Characterization and isolation of a T-DNA tagged banana promoter active during in vitro culture and low temperature stress
- Equal contributors
1 Laboratory of Tropical Crop Improvement, Division of Crop Biotechnics, Katholieke Universiteit Leuven, Kasteelpark Arenberg 13, B-3001 Leuven, Belgium
2 Current address: Centro de Investigaciones Biotecnológicas del Ecuador, Escuela Superior Politécnica del Litoral (ESPOL), Campus Gustavo Galindo, Km. 30.5 vía Perimetral, Apartado 09-01-5863, Guayaquil, Ecuador
BMC Plant Biology 2009, 9:77 doi:10.1186/1471-2229-9-77Published: 24 June 2009
Next-generation transgenic plants will require a more precise regulation of transgene expression, preferably under the control of native promoters. A genome-wide T-DNA tagging strategy was therefore performed for the identification and characterization of novel banana promoters. Embryogenic cell suspensions of a plantain-type banana were transformed with a promoterless, codon-optimized luciferase (luc+) gene and low temperature-responsive luciferase activation was monitored in real time.
Around 16,000 transgenic cell colonies were screened for baseline luciferase activity at room temperature 2 months after transformation. After discarding positive colonies, cultures were re-screened in real-time at 26°C followed by a gradual decrease to 8°C. The baseline activation frequency was 0.98%, while the frequency of low temperature-responsive luciferase activity was 0.61% in the same population of cell cultures. Transgenic colonies with luciferase activity responsive to low temperature were regenerated to plantlets and luciferase expression patterns monitored during different regeneration stages. Twenty four banana DNA sequences flanking the right T-DNA borders in seven independent lines were cloned via PCR walking. RT-PCR analysis in one line containing five inserts allowed the identification of the sequence that had activated luciferase expression under low temperature stress in a developmentally regulated manner. This activating sequence was fused to the uidA reporter gene and back-transformed into a commercial dessert banana cultivar, in which its original expression pattern was confirmed.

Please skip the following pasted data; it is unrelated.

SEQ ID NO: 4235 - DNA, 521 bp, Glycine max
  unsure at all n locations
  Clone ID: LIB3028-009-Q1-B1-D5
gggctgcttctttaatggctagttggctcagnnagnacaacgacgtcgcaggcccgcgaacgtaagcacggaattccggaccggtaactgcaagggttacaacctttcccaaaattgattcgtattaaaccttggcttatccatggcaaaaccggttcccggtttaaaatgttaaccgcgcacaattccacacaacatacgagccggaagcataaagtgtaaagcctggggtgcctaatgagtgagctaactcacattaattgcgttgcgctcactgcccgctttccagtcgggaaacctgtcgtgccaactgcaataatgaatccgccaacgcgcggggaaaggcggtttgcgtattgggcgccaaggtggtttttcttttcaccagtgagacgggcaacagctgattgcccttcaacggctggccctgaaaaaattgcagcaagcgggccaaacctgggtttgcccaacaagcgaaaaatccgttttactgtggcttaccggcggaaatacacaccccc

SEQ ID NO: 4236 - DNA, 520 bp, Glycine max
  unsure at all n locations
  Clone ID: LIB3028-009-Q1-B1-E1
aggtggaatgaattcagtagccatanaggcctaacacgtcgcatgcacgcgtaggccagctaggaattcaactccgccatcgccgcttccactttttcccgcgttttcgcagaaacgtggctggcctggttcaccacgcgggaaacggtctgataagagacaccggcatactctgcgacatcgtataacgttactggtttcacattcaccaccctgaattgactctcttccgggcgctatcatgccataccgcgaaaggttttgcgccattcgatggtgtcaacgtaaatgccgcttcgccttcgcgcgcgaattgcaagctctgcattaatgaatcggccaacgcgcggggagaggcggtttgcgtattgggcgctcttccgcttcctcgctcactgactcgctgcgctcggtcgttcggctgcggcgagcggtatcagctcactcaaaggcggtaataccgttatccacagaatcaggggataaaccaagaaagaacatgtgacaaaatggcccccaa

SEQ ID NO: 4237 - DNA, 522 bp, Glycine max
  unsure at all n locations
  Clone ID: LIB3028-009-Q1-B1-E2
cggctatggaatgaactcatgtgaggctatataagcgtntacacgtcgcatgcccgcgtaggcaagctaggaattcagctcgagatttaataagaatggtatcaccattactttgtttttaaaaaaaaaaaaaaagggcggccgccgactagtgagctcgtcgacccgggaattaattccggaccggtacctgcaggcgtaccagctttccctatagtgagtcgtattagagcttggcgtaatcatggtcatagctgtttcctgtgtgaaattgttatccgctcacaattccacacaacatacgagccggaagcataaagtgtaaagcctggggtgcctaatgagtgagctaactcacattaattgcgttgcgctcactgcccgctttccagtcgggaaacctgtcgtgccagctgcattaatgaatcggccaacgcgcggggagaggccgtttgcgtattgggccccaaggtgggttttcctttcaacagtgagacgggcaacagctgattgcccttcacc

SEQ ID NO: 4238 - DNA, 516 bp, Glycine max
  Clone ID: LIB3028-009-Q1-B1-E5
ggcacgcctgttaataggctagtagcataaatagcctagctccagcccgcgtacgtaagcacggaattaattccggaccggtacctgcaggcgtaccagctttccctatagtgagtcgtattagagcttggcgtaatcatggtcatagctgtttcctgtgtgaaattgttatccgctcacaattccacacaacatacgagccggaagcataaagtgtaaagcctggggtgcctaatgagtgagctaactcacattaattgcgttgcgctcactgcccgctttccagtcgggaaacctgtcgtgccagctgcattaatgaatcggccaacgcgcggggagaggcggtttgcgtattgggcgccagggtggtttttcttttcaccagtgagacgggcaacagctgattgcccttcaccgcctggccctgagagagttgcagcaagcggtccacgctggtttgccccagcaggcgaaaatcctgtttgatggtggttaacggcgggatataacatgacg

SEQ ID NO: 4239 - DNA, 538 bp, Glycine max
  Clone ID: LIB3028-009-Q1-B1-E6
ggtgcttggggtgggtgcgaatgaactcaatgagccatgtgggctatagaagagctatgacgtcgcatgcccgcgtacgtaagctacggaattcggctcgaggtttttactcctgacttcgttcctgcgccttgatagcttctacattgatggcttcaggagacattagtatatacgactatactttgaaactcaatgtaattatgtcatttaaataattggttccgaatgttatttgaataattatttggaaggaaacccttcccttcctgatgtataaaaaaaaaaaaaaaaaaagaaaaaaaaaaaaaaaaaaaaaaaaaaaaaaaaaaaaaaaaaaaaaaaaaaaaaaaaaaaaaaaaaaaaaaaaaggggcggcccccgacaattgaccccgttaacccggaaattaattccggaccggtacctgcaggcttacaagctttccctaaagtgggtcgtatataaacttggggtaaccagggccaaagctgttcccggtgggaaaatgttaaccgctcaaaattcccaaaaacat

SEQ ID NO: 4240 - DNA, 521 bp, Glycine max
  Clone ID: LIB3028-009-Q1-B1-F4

This promoter tagging and real-time screening platform proved valuable for the identification of novel promoters and genes in banana and for monitoring expression patterns throughout in vitro development and low temperature treatment. Combination of PCR walking techniques was efficient for the isolation of candidate promoters even in a multicopy T-DNA line. Qualitative and quantitative GUS expression analyses of one tagged promoter in a commercial cultivar demonstrated a reproducible promoter activity pattern during in vitro culture. Thus, this promoter could be used during in vitro selection and generation of commercial transgenic plants.